Wednesday, November 5, 2014

Save this iconic landmark

Along The Watchtower: The Star

Published: Wednesday November 5, 2014 MYT 12:00:00 AM
Updated: Wednesday November 5, 2014 MYT 8:09:34 AM

Save this iconic landmark

Redevelopment of the Vivekananda Ashram in Brickfields would end its spiritual and historical role and sully the legacy of the revered monk.

THE pavement in front of the Vivekananda Ashram in Brickfields was a hive of activity during lunchtime on Monday.
Scores of people stopped to sign a petition objecting the proposed massive condominium to be built – behind and above – the faux Mughal-styled landmark.

By noon, some 4,000 had already added their names to the list at the makeshift booths.

Before going there, I found that more than 14,000 had signed the petition online while the Save Vivekananda Ashram Facebook page showed close to 11,000 likes.

The plan to build on the 0.4ha of prime land at Lot 33, Jalan Tun Sambanthan is not new, though.

It is the third since 1989 and it has certainly not been the case of being three times a charm. The trustees of the building are facing thrice the level of ire instead.

Under the plan, a 23-storey apartment housing 264 units would tower above the ashram along with an eight-storey car park.
In architectural terminology, the block would be “cantilevered” above.

Those in the forefront of the protest have made their reasons clear. The ashram has served the community since 1904, two years after the death of Swami Vivekananda, India’s most prominent spiritual philosopher who visited Malaya in 1893.

Pioneered by Sri Lankan Tamils, it started out as a reading hall. According to a 1911 newspaper report, funds for a permanent building were started with a donation of $1,500. That means the grand structure is less than 103 years old.

Vivekananda, whose elegant statue clad in flowing robes stands in front of the building, was a disciple of Ramakrishna Paramahamsa, 19th Century Hindu saint.

Among other things, he preached the oneness of humanity and that all paths led to enlightenment.

Vivekananda became world famous after speaking at the inaugural 1893 World Parliament of Religions in Chicago, a pivotal moment for different religions to come together for peace, where he called for the end of sectarianism, bigotry and fanaticism.

During his brief life – he died at the age of 39 – Vivekananda touched the lives of many, including John D. Rockefeller who donated much of his wealth after meeting the monk.

He also inspired scientist Nikola Tesla on matter and energy.

Reclusive American author J.D. Salinger was influenced by his works while Russian literary giant Leo Tolstoy was another enthusiast. The late Beatle George Harrison was also a Vivekananda devotee.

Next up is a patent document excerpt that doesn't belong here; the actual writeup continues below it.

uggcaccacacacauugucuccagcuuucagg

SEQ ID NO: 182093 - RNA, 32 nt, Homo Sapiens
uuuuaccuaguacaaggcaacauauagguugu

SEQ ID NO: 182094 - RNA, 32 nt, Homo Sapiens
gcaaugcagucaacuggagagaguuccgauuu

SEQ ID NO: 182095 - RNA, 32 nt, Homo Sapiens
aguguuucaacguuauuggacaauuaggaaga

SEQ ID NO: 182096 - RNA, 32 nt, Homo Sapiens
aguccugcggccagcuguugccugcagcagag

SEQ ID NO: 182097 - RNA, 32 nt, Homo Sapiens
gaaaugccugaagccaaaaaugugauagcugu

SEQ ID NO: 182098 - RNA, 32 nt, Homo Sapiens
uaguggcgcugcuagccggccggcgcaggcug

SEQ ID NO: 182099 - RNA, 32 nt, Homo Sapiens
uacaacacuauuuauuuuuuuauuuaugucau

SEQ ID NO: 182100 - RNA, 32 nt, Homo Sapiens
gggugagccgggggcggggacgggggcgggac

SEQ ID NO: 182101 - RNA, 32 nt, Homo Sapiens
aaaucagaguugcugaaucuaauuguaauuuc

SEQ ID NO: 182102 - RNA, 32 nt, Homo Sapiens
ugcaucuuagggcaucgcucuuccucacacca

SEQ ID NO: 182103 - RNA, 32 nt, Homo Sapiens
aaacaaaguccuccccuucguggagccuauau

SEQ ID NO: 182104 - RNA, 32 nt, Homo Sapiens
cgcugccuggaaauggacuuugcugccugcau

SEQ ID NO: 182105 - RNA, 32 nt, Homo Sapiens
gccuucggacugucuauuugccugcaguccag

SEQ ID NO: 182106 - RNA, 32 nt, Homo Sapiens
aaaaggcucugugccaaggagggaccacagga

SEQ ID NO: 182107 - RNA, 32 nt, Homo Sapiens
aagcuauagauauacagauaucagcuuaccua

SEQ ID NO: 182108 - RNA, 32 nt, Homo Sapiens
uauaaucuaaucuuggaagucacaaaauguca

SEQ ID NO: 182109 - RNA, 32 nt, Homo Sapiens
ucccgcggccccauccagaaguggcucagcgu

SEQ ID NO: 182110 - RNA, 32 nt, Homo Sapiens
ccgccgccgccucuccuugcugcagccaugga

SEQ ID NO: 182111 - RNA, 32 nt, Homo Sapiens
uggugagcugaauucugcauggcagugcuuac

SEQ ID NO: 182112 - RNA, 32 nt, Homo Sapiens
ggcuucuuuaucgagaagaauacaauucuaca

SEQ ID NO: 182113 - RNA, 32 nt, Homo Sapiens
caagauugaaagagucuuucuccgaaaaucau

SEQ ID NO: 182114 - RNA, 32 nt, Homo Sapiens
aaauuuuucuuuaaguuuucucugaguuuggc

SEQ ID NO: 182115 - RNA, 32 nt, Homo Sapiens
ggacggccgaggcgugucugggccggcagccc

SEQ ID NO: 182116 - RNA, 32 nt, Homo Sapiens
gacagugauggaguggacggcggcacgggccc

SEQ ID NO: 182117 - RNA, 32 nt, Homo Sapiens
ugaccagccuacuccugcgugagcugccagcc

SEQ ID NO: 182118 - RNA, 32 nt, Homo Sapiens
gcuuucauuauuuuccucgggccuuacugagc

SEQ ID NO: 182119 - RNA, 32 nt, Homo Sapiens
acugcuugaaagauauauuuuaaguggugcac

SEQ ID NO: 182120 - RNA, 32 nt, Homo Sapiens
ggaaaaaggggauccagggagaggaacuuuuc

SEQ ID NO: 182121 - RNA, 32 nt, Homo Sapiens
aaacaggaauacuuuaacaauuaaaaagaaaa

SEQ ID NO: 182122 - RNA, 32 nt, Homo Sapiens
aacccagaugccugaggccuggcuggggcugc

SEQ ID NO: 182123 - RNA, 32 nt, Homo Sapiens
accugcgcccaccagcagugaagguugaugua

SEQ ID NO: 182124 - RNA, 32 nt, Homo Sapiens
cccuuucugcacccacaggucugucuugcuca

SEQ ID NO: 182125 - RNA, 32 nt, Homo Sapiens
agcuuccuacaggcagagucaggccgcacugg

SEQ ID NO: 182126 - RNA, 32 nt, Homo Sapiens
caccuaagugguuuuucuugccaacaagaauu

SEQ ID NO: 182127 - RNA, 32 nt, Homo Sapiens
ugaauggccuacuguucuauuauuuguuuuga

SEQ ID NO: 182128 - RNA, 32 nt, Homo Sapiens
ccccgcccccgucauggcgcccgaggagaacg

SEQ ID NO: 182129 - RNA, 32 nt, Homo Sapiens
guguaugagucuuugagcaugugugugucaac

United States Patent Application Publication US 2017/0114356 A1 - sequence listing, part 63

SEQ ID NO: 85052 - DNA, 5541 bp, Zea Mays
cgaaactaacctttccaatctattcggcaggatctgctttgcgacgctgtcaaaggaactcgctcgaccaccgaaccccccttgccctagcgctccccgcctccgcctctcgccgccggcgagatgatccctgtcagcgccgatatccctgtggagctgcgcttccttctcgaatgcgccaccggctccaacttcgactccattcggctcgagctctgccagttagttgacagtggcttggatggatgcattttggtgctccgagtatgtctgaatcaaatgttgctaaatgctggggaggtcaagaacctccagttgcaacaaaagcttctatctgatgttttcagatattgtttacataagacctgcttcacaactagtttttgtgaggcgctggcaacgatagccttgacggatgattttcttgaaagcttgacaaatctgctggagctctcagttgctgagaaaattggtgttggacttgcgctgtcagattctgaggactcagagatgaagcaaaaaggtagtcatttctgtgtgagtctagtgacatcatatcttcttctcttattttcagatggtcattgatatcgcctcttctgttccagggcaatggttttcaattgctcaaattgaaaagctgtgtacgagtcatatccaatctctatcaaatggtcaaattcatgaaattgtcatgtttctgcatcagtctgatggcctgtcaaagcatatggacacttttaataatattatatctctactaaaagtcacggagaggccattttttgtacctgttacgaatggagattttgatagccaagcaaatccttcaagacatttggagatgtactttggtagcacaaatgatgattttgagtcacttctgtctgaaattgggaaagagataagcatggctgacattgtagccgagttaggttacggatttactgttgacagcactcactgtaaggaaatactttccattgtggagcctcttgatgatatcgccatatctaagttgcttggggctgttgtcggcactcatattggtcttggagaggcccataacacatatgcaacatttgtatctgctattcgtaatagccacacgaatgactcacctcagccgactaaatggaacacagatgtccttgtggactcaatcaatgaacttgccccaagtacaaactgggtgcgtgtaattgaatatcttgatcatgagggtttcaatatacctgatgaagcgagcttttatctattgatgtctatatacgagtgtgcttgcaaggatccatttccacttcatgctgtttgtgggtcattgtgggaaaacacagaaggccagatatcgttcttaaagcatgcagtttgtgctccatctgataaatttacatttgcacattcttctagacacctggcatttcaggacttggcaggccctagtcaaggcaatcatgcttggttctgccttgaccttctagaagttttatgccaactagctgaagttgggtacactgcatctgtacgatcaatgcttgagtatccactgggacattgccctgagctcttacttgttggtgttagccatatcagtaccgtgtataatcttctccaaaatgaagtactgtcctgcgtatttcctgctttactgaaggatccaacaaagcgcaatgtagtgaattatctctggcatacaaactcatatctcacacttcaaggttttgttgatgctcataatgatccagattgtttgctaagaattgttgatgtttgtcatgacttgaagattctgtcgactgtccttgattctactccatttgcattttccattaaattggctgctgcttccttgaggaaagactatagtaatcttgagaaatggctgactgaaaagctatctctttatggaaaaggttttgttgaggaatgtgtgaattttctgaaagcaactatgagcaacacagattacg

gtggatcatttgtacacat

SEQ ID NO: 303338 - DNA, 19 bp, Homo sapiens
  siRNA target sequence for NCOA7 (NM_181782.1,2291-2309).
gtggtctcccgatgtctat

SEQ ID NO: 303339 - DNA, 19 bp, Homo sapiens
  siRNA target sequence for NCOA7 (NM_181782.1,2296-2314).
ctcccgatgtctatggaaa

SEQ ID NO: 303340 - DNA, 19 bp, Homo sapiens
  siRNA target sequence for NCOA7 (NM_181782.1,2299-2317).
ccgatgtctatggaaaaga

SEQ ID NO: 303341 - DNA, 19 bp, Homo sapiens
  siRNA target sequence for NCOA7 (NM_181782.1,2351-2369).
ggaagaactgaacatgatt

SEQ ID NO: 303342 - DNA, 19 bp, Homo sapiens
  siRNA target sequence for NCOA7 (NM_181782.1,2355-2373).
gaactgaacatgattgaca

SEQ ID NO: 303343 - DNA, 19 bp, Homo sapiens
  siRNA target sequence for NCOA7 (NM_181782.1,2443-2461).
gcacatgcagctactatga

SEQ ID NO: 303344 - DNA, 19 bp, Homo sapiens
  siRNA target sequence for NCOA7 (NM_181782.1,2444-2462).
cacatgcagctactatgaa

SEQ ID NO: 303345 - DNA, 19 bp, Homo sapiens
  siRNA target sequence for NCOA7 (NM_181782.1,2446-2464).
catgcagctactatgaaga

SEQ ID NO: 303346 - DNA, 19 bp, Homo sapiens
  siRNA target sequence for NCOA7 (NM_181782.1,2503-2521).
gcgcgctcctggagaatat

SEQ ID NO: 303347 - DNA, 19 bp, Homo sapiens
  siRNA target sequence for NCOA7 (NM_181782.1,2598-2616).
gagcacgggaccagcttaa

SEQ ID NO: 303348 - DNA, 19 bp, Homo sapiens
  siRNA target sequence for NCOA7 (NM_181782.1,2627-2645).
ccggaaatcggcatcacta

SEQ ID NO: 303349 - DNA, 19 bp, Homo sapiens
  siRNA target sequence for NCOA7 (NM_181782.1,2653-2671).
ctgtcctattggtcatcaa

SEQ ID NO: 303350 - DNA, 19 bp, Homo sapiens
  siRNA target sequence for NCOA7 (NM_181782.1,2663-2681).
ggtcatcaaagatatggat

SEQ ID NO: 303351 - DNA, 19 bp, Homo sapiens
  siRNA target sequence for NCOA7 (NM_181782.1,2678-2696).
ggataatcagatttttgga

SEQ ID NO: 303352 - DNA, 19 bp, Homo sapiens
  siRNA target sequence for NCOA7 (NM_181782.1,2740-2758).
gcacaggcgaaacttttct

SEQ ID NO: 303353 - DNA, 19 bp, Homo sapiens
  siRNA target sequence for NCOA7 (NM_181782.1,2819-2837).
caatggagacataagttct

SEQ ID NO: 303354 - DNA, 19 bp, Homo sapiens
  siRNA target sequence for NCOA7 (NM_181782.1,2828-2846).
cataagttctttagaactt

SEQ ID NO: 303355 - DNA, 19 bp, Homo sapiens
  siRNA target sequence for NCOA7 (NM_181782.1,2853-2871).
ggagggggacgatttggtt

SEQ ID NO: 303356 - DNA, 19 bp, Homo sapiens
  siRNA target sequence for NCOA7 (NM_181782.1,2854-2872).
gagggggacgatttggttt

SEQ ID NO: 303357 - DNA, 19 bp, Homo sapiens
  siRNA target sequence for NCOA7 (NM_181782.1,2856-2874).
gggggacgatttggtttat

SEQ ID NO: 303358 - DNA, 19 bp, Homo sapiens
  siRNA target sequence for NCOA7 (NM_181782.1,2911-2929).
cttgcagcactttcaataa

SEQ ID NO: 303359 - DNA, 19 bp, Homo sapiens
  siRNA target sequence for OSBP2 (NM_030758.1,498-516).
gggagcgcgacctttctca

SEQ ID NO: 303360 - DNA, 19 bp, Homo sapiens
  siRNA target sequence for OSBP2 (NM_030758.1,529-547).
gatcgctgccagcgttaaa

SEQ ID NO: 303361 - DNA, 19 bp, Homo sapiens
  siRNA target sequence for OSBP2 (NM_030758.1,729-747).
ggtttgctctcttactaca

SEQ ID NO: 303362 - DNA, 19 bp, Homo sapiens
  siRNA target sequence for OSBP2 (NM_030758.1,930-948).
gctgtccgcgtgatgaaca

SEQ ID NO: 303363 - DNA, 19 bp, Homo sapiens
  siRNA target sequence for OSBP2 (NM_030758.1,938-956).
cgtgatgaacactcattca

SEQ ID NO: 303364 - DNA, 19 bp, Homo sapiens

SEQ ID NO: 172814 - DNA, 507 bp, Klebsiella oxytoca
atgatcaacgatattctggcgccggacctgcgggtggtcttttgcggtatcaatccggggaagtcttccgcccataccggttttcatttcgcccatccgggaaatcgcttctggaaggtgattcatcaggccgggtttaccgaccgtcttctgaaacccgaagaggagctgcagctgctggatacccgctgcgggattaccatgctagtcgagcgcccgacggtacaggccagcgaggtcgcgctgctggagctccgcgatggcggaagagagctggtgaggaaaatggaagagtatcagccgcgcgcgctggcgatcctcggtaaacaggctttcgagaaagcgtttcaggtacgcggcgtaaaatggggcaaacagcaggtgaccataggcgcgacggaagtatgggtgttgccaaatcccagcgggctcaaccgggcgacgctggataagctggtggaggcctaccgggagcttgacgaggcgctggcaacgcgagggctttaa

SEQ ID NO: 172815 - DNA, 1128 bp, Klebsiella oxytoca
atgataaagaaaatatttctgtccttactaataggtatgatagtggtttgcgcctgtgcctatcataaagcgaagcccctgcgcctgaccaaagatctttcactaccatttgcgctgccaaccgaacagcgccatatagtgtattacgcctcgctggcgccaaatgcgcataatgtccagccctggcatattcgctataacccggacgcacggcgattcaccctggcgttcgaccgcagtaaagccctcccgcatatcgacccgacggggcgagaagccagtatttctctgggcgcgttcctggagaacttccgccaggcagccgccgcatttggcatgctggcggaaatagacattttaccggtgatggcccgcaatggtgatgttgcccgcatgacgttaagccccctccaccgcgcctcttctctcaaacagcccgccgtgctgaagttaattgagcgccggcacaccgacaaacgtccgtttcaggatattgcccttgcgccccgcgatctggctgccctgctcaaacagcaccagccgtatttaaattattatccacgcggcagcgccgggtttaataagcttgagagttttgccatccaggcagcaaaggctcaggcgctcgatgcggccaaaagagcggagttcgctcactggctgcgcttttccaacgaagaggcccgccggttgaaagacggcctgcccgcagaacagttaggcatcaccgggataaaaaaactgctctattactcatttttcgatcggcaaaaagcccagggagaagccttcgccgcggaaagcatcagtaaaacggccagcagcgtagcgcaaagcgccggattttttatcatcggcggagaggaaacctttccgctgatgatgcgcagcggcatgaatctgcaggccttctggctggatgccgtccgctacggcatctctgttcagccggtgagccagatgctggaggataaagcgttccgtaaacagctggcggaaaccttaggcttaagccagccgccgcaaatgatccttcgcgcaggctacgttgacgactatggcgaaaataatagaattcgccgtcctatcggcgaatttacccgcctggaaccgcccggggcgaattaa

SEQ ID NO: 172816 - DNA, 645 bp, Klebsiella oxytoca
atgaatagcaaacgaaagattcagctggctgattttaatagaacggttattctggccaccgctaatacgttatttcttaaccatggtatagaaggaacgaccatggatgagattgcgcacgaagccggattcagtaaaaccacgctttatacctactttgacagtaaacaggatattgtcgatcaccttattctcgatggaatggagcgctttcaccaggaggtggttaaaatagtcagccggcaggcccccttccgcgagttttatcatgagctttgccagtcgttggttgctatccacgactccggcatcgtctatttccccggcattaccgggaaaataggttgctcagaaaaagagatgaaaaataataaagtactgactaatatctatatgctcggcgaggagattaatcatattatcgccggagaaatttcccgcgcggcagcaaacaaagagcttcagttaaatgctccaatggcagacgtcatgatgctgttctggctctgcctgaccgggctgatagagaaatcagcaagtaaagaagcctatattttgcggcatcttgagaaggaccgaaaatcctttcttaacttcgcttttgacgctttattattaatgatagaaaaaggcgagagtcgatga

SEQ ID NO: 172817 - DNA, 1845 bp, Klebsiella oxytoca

Those against the development feel that any development over the building would effectively end its role as a spiritual landmark and dishonour the legacy of the monk.

“The proposed development not only demeans the work of pioneer Tamils but also sends a signal that no historic spiritual or cultural site, whether Hindu, Christian or Muslim, is free from the ravages of property development,” states the preamble to the online petition.

The ashram’s board of trustee’s chairman Tan Sri Dr K. Ampikaipakan has said that the decision was made because funds were needed for schools under its trusteeship – the nearby SJK (T) Vivekananda, the Vivekananda primary and secondary schools in KL, SJK (T) Thamboosamy Pillay in Sentul – and other charities.

“People talk about the ashram’s symbolic value, but the reality is we don’t even have the money to paint the building,” he was quoted as saying by Star Metro.

In an interview with a radio station, Ampikaipakan expressed his disappointment with critics.

“Have they dropped a ringgit for the welfare of the students?” he asked.

Raja Singham, owner of the Brickfields Asia College and a member of the “Save the Vivekananda Ashram Action Committee”, responded immediately by pledging to donate RM500,000 if the plan is scrapped.

“Many want to donate to preserve the building, both in Malaysia and as far away as Germany,” he said, claiming that the trustees had rejected applications for new members since 2004.

One of those who turned up to sign the petition said the lack of money was a poor excuse.

 “We hear that there are 300 members but only 80 are active and only three are trustees. How can they decide for the community?” asked another man who signed the petition.

Veteran journalist Balan Moses, who has written two books on the neighbourhood – Brickfields: A Place, A Time, A Memory (2007) and Brickfields and Beyond: Stories from the Past (2012), said development should not be at the expense of heritage structures.
“I cannot imagine Brickfields without the ashram as it is now, just as I cannot imagine the Zion Evangelical Lutheran Church or the Buddhist Maha Vihara dwarfed by an immense structure above it,” he said.

Yesterday’s revelation by Tourism and Culture Minister Datuk Seri Nazri Aziz that the ashram could not be listed as a national heritage because trustees were refusing to allow it is likely to fuel the mounting anger.

But although DBKL has urged those against the project to submit objections by Nov 11, statements by Federal Territory Minister Datuk Seri Tengku Adnan Tengku Mansor and Kuala Lumpur Mayor Datuk Seri Ahmad Phesal Talib have given the impression that City Hall’s hands are tied.

That is not quite true. The minister has enough powers under Section 3 of the FT (Planning) Act 1982 and Section 18(1) to reject the plan.

> Associate Editor M. Veera Pandiyan’s favourite Vivekananda quote is: The greatest religion is to be true to your own nature. Have faith in yourselves.

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